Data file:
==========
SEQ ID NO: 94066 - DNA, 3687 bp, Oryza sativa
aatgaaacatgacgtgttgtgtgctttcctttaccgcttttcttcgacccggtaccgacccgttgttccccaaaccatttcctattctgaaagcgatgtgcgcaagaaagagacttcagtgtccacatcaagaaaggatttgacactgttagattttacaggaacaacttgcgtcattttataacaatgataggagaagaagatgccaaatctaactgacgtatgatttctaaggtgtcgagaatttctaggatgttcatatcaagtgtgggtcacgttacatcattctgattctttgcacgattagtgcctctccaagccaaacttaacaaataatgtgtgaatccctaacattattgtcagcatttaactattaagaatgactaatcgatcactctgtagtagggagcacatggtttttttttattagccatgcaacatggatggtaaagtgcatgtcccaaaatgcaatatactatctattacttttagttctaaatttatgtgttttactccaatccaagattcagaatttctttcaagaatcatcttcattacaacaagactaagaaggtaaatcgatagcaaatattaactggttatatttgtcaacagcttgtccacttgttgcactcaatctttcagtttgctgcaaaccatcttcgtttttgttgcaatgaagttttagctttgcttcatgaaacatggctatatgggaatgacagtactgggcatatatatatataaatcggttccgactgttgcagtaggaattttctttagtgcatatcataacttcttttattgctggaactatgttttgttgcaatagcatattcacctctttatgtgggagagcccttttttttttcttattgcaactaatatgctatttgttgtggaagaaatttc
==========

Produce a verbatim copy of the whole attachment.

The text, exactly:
SEQ ID NO: 94066 - DNA, 3687 bp, Oryza sativa
aatgaaacatgacgtgttgtgtgctttcctttaccgcttttcttcgacccggtaccgacccgttgttccccaaaccatttcctattctgaaagcgatgtgcgcaagaaagagacttcagtgtccacatcaagaaaggatttgacactgttagattttacaggaacaacttgcgtcattttataacaatgataggagaagaagatgccaaatctaactgacgtatgatttctaaggtgtcgagaatttctaggatgttcatatcaagtgtgggtcacgttacatcattctgattctttgcacgattagtgcctctccaagccaaacttaacaaataatgtgtgaatccctaacattattgtcagcatttaactattaagaatgactaatcgatcactctgtagtagggagcacatggtttttttttattagccatgcaacatggatggtaaagtgcatgtcccaaaatgcaatatactatctattacttttagttctaaatttatgtgttttactccaatccaagattcagaatttctttcaagaatcatcttcattacaacaagactaagaaggtaaatcgatagcaaatattaactggttatatttgtcaacagcttgtccacttgttgcactcaatctttcagtttgctgcaaaccatcttcgtttttgttgcaatgaagttttagctttgcttcatgaaacatggctatatgggaatgacagtactgggcatatatatatataaatcggttccgactgttgcagtaggaattttctttagtgcatatcataacttcttttattgctggaactatgttttgttgcaatagcatattcacctctttatgtgggagagcccttttttttttcttattgcaactaatatgctatttgttgtggaagaaatttc